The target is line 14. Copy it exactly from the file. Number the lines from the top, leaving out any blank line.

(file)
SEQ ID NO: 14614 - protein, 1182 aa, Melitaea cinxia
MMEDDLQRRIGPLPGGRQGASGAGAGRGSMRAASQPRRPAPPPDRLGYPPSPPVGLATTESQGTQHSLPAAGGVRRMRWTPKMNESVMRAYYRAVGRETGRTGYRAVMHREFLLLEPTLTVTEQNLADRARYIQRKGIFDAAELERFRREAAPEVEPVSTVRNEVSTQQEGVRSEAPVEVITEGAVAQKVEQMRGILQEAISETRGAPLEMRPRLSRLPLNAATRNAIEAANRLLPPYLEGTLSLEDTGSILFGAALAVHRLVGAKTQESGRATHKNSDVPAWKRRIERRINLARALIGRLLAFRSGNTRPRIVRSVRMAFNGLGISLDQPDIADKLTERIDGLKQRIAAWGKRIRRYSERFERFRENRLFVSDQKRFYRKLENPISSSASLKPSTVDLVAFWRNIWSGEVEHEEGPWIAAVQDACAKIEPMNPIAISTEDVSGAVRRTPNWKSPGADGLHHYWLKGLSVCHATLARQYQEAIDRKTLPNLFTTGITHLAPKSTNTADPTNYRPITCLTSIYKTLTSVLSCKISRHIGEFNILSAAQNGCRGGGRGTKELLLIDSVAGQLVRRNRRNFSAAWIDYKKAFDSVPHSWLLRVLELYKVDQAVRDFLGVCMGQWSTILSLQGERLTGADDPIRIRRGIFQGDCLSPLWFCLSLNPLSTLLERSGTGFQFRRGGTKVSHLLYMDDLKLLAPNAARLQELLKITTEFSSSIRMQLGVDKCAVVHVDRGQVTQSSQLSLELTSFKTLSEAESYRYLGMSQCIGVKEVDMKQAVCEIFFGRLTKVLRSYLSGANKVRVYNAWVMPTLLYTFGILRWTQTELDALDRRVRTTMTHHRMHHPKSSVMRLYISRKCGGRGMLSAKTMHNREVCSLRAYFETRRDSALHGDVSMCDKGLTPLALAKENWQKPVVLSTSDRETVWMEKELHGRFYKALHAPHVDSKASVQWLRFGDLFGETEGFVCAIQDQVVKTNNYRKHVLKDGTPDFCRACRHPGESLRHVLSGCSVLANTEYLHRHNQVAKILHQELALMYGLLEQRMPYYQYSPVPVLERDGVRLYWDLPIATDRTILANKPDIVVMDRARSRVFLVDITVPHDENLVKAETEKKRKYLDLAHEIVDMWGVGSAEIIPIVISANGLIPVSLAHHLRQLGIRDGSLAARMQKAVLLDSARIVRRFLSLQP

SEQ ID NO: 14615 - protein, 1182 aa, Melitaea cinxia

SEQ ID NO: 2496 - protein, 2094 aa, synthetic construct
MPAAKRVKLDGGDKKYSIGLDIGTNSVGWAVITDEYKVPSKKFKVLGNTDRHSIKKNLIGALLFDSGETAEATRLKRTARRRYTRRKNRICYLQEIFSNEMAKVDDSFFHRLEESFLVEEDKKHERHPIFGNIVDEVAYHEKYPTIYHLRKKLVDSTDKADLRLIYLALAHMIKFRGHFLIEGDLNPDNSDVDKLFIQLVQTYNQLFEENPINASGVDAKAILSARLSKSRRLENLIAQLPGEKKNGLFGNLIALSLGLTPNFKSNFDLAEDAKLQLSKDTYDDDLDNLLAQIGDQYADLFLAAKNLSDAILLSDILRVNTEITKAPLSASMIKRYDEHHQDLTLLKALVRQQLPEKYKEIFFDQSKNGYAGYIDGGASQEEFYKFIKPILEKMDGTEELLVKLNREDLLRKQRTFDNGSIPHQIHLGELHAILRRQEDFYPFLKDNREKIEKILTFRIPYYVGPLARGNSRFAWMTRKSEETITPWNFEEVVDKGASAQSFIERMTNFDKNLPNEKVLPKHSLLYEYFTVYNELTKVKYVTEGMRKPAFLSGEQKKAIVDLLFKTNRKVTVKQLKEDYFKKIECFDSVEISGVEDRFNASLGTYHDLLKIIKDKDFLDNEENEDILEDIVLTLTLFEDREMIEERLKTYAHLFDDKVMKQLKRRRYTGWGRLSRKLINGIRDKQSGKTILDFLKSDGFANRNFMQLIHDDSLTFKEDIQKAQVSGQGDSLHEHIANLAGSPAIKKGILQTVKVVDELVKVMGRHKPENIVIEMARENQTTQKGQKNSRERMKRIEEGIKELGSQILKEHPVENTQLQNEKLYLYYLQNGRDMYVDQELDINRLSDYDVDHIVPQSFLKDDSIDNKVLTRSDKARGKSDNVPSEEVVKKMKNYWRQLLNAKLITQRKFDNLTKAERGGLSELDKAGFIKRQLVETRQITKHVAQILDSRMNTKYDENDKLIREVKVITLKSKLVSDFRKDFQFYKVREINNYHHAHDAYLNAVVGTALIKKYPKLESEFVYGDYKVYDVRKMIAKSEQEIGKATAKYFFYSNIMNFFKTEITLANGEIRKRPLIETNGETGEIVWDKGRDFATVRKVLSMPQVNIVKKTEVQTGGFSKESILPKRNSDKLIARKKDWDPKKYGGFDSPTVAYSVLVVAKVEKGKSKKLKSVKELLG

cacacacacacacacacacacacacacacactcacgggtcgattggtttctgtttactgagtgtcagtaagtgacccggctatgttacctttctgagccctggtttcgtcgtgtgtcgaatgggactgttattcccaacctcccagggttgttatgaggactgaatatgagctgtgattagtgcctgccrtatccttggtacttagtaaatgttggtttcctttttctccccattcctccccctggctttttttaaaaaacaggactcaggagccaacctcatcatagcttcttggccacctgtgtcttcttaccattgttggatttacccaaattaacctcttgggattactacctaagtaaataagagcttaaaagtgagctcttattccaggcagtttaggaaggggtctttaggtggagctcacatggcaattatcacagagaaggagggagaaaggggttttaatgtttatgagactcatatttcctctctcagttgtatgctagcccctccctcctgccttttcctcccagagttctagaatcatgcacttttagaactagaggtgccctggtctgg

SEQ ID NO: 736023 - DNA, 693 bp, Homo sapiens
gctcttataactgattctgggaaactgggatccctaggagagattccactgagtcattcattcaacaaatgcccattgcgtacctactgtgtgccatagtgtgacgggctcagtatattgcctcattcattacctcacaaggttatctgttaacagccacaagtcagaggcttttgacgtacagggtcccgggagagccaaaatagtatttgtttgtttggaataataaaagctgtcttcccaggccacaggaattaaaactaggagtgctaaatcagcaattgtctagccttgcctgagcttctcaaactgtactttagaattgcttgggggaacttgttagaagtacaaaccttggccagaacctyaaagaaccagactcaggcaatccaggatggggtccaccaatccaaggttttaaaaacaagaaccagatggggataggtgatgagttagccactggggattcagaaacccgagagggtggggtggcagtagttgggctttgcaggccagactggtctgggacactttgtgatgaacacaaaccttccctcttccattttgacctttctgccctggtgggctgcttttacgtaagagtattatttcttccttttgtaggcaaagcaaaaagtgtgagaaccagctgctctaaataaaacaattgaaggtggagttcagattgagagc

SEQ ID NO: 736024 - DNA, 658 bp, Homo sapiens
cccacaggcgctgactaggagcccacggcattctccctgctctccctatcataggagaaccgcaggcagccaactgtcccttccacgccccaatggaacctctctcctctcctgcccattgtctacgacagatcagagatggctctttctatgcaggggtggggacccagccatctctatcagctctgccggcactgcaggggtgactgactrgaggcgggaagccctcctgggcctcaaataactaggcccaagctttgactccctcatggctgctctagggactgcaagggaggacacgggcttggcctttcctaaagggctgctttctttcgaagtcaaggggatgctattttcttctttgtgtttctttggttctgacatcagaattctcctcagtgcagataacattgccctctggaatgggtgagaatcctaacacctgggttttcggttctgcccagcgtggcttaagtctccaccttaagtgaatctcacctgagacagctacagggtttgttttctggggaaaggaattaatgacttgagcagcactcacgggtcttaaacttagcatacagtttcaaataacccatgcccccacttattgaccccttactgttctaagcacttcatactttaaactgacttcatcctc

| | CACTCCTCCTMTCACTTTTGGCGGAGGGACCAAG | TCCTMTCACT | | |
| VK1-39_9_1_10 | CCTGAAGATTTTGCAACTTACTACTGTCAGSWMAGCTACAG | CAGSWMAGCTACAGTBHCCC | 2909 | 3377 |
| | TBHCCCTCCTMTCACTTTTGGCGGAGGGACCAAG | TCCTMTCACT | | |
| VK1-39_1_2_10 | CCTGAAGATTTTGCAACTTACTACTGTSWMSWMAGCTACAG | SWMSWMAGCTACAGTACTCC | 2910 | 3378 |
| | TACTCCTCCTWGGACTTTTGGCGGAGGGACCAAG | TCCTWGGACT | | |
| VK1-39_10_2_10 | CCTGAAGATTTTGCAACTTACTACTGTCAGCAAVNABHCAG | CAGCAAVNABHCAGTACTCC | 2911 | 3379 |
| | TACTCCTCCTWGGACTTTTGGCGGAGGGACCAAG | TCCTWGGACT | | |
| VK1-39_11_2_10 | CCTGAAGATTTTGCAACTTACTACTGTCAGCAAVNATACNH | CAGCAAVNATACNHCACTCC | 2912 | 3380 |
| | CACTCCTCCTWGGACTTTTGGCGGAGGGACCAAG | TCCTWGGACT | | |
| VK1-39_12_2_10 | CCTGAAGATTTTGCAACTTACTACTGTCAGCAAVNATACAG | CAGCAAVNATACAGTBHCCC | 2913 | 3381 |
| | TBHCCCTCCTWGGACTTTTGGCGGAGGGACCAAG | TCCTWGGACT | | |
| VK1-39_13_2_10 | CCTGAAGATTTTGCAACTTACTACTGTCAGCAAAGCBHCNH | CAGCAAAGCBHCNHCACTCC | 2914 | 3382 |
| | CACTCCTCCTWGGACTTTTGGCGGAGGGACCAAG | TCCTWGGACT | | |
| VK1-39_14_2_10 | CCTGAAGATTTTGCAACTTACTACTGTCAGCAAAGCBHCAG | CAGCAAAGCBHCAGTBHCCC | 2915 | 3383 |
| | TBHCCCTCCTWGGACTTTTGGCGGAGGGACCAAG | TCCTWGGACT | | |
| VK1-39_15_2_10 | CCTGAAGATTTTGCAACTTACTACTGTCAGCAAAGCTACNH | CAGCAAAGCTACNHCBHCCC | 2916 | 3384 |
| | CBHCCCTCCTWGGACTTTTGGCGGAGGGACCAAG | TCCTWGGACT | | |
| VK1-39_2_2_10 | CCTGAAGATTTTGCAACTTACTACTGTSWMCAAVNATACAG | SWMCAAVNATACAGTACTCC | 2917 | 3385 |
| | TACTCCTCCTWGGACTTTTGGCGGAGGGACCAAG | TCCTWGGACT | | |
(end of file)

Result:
| VK1-39_1_2_10 | CCTGAAGATTTTGCAACTTACTACTGTSWMSWMAGCTACAG | SWMSWMAGCTACAGTACTCC | 2910 | 3378 |